To learn how to react in a medical situation, there is no substitute for real-life experience. But there is a way to simulate it.

Methodist Hospital opened a Clinical Simulation Center (Sim Center) in January 2017. HealthPartners Institute runs one at Regions Hospital, too.

Both of these centers provide a space where health professionals can practice treating medical emergencies. It teaches our care teams how to work with patients in a variety of situations – including high-risk or complex ones that aren’t often seen. And it builds and sharpens their skills in giving patients the best experience possible.

Meet Greg

“Greg” is a simulation mannequin at the Methodist Sim Center. He blinks. He breathes and has a pulse. And he can be programmed to show symptoms such as sweating, crying and even having a seizure.

There are human actors that work at the Sim Center, too. They get into character to play “patients” representing a diverse range of lifestyles and roles. That challenges our staff to be flexible and to learn how to have tough conversations. They have to figure out how to explain diagnoses and their method of care in ways that make sense to different individuals.


“It makes me more aware of my strengths and weaknesses in addressing varied issues,” said a care professional from our Park Nicollet Creekside Clinic.

The Sim Center has two “patient” rooms – one for Greg and one for the actors. Connected to each of those rooms is a command center. Here, nurse education and Sim Center staff work closely with the leaders of the teams using the center. Together they guide the caregivers in the “patient” rooms as they do simulation training. They also collect data and take video of what is happening. That is then analyzed and used for learning and critiques.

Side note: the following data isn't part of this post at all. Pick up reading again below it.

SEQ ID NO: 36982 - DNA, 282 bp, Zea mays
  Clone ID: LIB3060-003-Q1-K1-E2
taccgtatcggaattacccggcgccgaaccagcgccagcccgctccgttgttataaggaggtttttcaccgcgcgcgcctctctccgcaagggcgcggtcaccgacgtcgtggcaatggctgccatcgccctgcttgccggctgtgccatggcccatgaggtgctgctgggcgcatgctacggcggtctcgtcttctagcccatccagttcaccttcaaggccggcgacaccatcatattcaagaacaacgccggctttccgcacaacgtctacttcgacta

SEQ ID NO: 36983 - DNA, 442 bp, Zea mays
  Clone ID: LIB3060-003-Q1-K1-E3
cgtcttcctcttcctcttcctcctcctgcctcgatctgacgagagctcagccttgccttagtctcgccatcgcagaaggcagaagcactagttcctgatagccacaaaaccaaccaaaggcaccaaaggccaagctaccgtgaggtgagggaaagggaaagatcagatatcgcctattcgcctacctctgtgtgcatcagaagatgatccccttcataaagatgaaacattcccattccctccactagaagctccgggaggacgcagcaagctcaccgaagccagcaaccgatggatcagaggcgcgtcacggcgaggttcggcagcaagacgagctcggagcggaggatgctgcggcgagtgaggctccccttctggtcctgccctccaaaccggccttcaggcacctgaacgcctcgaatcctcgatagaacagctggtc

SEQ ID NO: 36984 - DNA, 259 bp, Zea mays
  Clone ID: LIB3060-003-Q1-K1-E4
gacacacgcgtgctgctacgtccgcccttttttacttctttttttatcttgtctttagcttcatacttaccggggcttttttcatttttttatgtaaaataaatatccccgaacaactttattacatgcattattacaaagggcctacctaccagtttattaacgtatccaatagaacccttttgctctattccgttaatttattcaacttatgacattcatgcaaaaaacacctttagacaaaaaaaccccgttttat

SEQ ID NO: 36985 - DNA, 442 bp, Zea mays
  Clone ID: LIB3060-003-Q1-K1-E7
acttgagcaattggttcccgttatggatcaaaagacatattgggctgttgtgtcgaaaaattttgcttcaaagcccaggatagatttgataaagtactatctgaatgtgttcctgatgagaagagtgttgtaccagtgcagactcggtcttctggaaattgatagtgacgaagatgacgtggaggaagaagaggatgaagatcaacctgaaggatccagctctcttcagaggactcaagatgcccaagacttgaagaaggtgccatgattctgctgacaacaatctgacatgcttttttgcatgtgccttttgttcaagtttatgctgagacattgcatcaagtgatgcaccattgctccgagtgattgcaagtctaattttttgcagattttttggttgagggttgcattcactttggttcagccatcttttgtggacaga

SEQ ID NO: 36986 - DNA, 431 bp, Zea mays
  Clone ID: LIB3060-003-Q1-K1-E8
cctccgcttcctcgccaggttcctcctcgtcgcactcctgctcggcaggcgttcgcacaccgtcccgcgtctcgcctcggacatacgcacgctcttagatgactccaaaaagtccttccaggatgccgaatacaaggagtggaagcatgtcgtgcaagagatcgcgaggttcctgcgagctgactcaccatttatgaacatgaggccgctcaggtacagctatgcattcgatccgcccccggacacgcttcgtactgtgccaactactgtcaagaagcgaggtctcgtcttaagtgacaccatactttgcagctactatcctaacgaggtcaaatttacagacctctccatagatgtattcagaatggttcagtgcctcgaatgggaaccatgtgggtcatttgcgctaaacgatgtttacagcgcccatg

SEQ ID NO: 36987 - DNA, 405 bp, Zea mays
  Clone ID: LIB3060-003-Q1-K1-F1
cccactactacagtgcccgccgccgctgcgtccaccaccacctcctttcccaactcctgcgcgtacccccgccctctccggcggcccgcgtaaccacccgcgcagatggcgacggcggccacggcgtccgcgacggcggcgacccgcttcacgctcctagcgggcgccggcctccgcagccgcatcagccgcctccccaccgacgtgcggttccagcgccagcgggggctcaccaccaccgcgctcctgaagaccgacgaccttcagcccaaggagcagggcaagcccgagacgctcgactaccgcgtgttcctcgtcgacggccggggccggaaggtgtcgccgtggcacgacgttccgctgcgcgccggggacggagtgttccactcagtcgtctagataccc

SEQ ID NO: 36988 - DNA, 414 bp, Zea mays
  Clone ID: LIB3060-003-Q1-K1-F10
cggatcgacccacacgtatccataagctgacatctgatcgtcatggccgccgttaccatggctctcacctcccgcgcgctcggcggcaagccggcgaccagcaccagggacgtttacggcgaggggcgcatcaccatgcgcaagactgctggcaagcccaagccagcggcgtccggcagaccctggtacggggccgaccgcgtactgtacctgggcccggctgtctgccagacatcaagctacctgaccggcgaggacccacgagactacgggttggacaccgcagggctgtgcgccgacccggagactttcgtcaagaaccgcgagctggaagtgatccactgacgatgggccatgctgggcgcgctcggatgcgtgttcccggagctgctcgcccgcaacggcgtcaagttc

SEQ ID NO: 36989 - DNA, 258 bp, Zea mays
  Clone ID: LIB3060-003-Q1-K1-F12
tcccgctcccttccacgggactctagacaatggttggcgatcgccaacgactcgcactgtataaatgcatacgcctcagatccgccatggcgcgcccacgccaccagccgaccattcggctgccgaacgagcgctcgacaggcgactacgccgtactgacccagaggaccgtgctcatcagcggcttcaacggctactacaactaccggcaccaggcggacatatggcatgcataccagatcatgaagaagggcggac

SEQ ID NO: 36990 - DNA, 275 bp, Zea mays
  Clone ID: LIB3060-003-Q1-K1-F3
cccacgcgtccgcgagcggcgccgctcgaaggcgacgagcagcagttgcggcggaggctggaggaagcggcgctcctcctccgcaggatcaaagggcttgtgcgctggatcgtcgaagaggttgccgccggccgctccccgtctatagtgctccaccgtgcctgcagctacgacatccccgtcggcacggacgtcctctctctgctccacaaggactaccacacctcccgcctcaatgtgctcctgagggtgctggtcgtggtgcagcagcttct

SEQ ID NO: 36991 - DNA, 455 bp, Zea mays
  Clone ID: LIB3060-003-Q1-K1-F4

The benefit of offering the most advanced training technology

In its first year of use, more than 1,600 people trained at the Methodist Sim Center. They’ve come from all over our system – representing 140 different areas and 52 roles. And they’ve faced a wide array of practice scenarios. Some have practiced working with patients with delirium and amnesia. Some have trained on treating those with low blood pressure or lack of oxygen. And some have developed their skills with still other simulations yet.

“Watching our care teams in the Sim Center is a lot of fun,” says Beth Keating, Director of Nursing Education and Clinical Simulation. “Many don’t know what to expect if they haven’t been in one before. But they always leave with big smiles and great experiences.”

In the next year, the Sim Center hopes to get even more people trained. And new trainings mimicking other types of emergencies that occur specifically in clinics and hospitals will get rolled out, too.

“We know simulation provides a huge benefit to our teams,” Keating says. “By using mannequins or actors, they are able to learn new skills in a practice setting that improves patient safety.”